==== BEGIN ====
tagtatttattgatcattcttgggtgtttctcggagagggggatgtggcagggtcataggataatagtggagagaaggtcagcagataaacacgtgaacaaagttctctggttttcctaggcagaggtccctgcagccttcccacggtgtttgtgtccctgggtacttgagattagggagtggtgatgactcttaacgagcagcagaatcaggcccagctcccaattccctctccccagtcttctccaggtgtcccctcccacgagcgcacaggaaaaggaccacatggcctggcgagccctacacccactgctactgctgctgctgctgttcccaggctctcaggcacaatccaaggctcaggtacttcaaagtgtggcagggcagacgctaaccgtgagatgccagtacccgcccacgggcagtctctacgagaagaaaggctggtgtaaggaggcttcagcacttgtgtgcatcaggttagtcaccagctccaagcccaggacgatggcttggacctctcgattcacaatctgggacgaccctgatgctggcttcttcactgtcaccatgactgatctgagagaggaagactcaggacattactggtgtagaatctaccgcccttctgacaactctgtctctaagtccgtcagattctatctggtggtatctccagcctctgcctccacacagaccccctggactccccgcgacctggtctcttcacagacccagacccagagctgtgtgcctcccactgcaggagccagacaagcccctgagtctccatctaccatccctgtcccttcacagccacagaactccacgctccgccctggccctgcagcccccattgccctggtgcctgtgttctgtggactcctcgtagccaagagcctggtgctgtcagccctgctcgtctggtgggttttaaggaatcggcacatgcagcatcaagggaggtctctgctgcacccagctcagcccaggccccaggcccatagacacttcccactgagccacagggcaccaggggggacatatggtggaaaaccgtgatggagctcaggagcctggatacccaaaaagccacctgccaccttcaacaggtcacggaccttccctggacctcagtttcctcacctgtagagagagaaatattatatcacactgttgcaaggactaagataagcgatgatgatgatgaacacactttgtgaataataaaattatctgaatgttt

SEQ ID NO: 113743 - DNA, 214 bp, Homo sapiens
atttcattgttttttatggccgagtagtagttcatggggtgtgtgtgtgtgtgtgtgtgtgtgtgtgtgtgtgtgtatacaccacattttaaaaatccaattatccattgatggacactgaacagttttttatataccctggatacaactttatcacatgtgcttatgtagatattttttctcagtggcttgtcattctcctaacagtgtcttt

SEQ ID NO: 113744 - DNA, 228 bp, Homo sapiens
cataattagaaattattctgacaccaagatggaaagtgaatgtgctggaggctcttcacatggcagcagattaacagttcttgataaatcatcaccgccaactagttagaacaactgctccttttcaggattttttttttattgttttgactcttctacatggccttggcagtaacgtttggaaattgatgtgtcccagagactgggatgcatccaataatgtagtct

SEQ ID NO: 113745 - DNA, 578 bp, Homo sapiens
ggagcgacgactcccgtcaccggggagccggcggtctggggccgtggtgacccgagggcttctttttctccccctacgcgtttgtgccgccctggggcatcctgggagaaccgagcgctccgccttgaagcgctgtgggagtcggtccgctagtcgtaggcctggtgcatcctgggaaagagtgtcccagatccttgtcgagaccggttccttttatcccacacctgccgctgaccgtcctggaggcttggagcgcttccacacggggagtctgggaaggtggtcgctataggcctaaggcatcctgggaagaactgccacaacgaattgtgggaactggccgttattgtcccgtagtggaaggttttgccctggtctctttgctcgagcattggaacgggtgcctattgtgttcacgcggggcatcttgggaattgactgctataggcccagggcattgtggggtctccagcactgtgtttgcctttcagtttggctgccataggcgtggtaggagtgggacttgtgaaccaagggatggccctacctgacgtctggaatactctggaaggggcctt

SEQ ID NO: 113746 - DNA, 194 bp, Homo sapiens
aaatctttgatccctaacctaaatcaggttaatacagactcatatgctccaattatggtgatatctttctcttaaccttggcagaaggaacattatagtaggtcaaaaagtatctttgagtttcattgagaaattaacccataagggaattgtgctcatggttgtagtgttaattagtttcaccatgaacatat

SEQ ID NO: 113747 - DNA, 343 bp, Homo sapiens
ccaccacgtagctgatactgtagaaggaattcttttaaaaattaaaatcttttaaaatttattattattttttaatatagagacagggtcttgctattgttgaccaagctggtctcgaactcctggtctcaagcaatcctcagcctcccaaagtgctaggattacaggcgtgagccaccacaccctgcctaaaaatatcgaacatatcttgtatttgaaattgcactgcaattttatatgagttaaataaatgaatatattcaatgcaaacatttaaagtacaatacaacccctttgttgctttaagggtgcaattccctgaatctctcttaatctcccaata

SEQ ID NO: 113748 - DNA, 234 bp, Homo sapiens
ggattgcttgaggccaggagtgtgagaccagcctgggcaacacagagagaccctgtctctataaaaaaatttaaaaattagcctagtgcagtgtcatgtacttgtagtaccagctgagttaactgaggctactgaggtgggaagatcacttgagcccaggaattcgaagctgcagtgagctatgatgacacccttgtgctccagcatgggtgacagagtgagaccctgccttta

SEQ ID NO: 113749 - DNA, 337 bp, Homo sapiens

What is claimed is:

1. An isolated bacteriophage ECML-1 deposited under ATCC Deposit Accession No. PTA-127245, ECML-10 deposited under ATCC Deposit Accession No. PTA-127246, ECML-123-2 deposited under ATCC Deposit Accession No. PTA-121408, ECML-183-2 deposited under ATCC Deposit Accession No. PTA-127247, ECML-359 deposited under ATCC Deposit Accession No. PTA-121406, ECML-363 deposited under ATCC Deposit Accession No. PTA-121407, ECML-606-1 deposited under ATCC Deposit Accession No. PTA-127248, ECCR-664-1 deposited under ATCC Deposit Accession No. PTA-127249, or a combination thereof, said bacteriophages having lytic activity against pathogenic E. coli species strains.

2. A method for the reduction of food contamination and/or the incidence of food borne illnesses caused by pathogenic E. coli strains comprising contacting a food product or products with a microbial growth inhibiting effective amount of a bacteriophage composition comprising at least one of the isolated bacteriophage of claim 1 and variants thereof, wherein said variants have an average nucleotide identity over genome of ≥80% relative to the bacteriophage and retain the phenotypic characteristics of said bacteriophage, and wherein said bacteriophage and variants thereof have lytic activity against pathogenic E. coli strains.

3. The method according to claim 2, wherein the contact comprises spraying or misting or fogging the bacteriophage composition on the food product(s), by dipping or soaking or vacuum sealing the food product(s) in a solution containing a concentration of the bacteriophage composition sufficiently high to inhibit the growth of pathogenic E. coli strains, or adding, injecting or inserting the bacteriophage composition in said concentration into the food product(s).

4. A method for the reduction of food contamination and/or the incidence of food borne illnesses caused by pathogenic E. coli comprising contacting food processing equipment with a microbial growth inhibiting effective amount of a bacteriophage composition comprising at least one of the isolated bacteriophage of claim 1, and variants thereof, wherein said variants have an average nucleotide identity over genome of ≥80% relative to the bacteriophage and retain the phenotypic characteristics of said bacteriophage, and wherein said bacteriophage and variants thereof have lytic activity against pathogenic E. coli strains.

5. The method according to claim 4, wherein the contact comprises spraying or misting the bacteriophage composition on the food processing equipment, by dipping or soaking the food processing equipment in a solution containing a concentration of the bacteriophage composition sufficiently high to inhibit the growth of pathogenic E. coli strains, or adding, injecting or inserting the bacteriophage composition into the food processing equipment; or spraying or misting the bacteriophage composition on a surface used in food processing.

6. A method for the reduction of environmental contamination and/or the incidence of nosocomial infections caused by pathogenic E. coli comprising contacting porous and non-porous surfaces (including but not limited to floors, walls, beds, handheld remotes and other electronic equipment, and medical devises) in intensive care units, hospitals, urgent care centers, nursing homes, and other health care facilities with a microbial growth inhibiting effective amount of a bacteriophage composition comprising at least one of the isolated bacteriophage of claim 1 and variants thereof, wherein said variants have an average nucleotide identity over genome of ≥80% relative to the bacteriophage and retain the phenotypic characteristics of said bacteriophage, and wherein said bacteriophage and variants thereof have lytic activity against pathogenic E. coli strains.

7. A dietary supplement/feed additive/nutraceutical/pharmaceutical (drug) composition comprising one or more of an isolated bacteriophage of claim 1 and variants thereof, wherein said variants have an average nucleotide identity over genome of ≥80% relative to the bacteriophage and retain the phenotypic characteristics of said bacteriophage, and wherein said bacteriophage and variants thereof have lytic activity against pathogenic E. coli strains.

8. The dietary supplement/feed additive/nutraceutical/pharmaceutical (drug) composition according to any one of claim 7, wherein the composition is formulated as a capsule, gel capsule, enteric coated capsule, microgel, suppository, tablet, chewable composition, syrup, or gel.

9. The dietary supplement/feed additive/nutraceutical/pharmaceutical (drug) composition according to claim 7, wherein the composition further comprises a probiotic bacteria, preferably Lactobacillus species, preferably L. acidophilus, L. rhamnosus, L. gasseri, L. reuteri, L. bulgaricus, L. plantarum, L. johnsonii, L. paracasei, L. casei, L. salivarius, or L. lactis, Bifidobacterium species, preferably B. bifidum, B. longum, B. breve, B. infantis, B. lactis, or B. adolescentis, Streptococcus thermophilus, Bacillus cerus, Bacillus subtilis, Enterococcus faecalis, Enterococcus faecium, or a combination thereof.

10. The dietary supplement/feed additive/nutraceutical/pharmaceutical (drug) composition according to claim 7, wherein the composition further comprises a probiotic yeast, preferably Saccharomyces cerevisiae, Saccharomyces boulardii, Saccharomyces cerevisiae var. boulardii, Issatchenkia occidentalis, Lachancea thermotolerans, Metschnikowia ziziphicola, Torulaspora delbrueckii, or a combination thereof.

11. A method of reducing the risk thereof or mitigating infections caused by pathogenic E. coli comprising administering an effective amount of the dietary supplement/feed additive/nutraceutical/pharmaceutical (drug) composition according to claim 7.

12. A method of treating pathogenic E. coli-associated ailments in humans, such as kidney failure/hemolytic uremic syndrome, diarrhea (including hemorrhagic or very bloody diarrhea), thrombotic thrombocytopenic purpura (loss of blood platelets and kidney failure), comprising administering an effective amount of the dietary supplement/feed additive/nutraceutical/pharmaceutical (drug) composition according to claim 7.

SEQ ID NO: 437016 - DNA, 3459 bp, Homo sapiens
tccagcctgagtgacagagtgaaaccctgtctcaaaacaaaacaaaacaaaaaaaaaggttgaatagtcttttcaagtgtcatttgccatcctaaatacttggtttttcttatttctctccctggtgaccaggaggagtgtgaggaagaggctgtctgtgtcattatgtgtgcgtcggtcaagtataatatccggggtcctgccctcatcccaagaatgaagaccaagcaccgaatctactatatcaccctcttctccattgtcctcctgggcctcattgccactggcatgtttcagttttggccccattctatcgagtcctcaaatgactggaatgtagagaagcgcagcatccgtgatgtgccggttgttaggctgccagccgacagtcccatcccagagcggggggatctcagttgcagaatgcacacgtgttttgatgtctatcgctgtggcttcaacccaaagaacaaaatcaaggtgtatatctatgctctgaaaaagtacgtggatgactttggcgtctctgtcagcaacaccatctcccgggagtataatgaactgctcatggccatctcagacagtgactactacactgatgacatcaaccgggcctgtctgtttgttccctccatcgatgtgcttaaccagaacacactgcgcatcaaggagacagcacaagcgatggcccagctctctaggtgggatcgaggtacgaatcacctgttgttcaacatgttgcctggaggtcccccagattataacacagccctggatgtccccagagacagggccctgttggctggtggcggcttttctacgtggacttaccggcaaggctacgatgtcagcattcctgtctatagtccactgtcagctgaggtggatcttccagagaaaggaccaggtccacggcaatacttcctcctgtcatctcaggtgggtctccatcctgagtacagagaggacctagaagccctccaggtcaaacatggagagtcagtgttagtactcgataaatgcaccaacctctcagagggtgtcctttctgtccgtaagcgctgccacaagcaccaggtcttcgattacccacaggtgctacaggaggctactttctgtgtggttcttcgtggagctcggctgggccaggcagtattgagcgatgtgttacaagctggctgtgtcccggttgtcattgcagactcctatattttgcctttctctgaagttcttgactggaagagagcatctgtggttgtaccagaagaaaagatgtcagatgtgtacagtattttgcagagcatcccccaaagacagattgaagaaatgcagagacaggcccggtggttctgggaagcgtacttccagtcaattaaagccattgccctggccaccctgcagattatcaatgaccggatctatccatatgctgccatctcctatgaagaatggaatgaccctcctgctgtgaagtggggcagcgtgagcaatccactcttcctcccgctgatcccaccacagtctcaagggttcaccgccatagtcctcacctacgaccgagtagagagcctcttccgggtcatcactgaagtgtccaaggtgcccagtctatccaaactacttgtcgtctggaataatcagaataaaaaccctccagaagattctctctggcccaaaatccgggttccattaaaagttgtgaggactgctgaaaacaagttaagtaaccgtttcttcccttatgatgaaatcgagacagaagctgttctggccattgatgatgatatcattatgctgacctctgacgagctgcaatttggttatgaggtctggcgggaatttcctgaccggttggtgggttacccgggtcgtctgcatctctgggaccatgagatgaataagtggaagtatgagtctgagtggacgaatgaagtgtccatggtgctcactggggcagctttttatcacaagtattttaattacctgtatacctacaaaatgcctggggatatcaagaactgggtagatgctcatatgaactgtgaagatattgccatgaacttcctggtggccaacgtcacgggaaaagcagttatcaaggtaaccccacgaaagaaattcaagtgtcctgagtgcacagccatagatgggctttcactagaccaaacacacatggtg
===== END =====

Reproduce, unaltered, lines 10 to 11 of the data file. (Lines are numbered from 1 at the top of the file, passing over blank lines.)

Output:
SEQ ID NO: 113747 - DNA, 343 bp, Homo sapiens
ccaccacgtagctgatactgtagaaggaattcttttaaaaattaaaatcttttaaaatttattattattttttaatatagagacagggtcttgctattgttgaccaagctggtctcgaactcctggtctcaagcaatcctcagcctcccaaagtgctaggattacaggcgtgagccaccacaccctgcctaaaaatatcgaacatatcttgtatttgaaattgcactgcaattttatatgagttaaataaatgaatatattcaatgcaaacatttaaagtacaatacaacccctttgttgctttaagggtgcaattccctgaatctctcttaatctcccaata